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Title: Quantitative confocal microscopy and calibration for measuring differences in cyclic-di-GMP signalling by bacteria on biomedical hydrogels
The growth of bacterial biofilms on implanted medical devices causes harmful infections and device failure. Biofilm development initiates when bacteria attach to and sense a surface. For the common nosocomial pathogen Pseudomonas aeruginosa and many others, the transition to the biofilm phenotype is controlled by the intracellular signal and second messenger cyclic-di-GMP (c-di-GMP). It is not known how biomedical materials might be adjusted to impede c-di-GMP signalling, and there are few extant methods for conducting such studies. Here, we develop such a method. We allowed P. aeruginosa to attach to the surfaces of poly(ethylene glycol) diacrylate (PEGDA) hydrogels. These bacteria contained a plasmid for a green fluorescent protein (GFP) reporter for c-di-GMP. We used laser-scanning confocal microscopy to measure the dynamics of the GFP reporter for 3 h, beginning 1 h after introducing bacteria to the hydrogel. We controlled for the effects of changes in bacterial metabolism using a promoterless plasmid for GFP, and for the effects of light passing through different hydrogels being differently attenuated by using fluorescent plastic beads as ‘standard candles’ for calibration. We demonstrate that this method can measure statistically significant differences in c-di-GMP signalling associated with different PEGDA gel types and with the surface-exposed protein more » PilY1. « less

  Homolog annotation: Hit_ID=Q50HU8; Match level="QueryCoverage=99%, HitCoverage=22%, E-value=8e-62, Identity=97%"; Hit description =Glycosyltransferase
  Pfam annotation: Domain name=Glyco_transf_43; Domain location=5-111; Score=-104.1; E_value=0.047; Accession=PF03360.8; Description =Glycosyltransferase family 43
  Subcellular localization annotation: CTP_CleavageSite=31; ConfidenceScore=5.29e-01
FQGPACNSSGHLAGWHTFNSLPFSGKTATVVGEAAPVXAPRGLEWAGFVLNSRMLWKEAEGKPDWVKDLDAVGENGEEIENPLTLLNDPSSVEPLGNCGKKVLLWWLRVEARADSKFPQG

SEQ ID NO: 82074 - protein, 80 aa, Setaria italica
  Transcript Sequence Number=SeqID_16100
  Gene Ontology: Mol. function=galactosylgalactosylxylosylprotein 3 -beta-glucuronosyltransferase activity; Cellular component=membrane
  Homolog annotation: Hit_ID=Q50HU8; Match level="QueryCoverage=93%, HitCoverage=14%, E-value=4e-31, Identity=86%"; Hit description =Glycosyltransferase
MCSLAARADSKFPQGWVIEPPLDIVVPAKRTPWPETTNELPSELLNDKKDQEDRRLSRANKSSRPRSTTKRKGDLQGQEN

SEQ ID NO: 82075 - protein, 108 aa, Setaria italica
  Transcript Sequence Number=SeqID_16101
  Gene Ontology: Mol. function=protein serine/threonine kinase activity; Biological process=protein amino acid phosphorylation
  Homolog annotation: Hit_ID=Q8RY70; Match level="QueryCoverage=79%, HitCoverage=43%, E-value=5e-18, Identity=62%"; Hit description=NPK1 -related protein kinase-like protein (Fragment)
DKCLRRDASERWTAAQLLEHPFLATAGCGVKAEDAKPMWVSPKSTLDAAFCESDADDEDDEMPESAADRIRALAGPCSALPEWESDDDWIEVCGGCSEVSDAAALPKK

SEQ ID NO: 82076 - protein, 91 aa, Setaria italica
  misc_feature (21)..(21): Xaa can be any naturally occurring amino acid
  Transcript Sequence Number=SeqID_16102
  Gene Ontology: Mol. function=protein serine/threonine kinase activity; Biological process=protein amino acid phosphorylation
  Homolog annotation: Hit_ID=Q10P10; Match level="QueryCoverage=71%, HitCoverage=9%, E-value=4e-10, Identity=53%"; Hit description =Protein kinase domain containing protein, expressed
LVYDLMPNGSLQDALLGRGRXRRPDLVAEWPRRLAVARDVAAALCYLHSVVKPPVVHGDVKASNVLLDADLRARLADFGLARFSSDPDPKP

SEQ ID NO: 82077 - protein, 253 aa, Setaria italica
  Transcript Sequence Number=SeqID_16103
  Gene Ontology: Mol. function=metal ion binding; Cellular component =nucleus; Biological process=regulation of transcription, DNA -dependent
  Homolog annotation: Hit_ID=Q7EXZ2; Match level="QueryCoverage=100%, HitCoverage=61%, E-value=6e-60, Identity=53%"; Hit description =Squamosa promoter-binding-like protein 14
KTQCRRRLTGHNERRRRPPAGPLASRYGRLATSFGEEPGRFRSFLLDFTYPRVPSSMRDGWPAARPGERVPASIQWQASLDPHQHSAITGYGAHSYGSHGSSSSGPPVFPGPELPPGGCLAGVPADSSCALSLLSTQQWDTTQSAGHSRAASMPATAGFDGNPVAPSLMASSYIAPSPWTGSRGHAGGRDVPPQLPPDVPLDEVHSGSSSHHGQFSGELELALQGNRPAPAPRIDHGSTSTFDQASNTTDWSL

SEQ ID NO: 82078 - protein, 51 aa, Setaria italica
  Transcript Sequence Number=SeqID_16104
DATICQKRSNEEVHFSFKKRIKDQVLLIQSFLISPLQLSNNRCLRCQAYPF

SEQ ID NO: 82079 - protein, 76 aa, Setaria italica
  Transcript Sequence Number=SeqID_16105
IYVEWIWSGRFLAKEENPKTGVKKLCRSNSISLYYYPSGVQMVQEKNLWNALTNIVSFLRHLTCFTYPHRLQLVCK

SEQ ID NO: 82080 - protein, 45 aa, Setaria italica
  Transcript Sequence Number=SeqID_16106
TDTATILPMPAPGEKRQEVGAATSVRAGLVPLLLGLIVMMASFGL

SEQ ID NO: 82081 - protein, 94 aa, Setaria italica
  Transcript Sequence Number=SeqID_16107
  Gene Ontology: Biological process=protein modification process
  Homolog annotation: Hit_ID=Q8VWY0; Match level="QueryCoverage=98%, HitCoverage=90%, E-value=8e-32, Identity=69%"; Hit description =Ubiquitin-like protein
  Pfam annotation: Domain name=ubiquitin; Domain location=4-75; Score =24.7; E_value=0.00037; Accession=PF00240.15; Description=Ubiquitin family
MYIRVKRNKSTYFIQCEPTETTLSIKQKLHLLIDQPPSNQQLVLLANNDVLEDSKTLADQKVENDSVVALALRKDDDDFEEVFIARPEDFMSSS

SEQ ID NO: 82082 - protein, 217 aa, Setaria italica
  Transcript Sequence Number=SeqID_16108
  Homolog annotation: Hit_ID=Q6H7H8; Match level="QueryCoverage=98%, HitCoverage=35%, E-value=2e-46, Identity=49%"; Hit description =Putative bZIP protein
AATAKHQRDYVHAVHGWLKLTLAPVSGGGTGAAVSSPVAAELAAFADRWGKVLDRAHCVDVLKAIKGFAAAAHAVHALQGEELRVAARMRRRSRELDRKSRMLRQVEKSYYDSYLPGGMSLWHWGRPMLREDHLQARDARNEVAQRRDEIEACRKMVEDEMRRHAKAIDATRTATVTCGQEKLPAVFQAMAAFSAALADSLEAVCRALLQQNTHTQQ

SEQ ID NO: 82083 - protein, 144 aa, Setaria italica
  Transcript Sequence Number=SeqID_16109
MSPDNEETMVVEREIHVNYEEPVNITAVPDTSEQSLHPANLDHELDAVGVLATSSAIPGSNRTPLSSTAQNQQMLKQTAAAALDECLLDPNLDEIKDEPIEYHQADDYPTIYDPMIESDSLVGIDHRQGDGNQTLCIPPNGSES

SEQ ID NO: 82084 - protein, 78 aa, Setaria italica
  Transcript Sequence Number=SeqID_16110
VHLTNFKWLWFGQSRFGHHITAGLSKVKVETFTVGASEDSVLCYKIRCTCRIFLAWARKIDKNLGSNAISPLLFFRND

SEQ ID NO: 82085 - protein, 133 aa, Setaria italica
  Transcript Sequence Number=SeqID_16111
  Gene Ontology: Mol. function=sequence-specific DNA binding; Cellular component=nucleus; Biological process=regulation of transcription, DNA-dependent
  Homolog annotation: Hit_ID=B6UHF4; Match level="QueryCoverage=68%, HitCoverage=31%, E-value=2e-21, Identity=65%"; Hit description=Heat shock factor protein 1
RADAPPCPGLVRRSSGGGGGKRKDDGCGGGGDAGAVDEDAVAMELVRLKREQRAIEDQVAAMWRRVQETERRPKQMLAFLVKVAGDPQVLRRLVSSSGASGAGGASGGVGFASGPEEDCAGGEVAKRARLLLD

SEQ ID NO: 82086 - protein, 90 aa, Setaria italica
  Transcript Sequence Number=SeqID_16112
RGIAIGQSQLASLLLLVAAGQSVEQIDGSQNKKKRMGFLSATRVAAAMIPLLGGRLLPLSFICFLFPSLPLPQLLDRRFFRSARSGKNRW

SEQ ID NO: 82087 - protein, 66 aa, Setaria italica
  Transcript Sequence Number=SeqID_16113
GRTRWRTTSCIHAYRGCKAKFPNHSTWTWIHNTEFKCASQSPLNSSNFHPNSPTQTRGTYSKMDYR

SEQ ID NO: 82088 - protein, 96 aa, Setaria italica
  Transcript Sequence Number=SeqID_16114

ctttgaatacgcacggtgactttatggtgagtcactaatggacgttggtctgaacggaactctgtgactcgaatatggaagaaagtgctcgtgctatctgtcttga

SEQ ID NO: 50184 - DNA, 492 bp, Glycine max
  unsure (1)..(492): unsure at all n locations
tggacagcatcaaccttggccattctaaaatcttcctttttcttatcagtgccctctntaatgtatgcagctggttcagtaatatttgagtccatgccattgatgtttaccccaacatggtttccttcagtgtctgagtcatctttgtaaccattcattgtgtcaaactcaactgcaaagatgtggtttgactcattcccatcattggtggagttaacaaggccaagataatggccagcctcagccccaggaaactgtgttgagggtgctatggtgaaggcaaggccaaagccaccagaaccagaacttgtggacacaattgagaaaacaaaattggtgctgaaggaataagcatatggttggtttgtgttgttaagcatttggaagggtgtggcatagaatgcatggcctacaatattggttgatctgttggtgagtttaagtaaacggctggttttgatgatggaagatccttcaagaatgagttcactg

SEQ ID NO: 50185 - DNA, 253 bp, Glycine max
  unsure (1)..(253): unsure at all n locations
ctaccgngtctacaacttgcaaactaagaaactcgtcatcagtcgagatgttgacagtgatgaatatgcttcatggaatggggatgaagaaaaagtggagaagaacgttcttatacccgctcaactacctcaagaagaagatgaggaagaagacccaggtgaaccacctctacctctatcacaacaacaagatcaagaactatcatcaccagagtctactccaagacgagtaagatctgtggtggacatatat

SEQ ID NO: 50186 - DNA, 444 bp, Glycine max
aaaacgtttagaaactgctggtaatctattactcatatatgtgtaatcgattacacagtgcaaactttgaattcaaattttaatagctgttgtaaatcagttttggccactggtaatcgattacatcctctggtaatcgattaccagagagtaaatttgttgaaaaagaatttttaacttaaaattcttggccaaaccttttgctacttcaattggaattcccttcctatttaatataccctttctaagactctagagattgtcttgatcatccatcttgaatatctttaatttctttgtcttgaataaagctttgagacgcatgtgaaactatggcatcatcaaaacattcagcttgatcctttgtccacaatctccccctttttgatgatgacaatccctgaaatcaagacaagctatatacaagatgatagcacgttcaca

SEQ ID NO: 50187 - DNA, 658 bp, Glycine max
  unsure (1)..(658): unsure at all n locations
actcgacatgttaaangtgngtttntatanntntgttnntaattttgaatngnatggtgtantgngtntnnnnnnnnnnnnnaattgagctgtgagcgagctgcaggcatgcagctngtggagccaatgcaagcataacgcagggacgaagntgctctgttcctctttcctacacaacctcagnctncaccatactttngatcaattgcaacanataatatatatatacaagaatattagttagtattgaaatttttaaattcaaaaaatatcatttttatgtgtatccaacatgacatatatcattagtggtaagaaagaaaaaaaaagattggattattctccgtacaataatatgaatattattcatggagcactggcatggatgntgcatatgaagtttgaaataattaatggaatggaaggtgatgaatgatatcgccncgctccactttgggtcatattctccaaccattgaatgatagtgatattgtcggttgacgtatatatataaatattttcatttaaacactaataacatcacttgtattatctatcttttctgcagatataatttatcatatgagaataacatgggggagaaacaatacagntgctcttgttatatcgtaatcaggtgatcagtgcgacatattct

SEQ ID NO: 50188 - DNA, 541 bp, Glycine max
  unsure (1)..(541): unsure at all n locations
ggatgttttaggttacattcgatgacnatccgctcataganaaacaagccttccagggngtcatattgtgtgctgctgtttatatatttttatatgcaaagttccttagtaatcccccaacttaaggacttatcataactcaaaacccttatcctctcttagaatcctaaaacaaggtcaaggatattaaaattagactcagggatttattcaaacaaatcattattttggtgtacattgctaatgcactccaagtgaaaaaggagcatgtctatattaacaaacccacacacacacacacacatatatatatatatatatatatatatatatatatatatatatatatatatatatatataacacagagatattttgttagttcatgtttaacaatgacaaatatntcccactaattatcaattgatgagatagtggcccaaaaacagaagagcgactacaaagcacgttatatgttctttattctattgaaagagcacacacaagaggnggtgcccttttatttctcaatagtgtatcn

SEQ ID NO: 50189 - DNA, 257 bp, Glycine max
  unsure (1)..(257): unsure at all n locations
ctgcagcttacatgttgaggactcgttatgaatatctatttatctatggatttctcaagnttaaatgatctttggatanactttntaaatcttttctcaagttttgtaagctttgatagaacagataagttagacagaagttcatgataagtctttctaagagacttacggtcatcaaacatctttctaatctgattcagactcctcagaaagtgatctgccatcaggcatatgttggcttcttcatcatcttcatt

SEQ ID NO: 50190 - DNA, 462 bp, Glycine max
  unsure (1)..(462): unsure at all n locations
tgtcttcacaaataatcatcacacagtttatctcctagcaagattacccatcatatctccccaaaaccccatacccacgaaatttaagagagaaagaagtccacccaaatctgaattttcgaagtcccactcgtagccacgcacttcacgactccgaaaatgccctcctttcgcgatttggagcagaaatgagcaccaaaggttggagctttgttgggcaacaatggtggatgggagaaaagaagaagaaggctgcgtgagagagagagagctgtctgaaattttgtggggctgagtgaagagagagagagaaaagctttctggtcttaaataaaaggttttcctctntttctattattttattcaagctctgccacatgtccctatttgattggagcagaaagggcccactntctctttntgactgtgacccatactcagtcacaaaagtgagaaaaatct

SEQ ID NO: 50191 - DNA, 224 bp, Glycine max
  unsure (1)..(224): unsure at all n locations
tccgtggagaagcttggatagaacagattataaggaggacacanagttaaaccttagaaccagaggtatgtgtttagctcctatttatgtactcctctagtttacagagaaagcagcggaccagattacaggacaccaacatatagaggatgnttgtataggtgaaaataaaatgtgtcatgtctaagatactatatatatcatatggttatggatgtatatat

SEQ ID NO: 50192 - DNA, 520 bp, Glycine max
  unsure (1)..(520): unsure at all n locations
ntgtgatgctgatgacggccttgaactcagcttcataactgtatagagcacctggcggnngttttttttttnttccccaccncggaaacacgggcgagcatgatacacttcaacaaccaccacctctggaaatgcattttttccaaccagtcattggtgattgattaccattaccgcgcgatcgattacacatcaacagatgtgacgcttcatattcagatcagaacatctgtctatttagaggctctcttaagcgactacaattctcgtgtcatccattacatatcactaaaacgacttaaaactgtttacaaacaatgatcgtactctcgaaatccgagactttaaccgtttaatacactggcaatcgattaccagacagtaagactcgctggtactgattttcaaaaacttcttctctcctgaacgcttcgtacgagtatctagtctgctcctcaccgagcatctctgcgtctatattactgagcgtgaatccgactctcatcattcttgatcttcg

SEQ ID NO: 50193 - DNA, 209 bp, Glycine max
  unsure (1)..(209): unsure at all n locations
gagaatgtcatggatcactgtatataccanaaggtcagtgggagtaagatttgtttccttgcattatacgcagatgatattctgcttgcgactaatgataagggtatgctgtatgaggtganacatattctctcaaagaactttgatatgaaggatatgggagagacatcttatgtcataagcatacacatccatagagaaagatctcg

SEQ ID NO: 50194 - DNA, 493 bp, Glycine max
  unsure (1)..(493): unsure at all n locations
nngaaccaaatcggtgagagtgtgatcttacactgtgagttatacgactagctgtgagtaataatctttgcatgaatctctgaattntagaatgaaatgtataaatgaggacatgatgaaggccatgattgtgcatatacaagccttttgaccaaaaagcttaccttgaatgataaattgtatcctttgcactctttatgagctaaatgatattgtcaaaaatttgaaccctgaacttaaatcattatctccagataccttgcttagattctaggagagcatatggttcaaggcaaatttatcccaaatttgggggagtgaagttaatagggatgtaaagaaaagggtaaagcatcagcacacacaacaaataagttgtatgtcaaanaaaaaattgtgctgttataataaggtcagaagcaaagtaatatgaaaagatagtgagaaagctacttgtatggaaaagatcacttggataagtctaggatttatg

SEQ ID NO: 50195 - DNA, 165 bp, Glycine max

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Royal Society Open Science
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National Science Foundation
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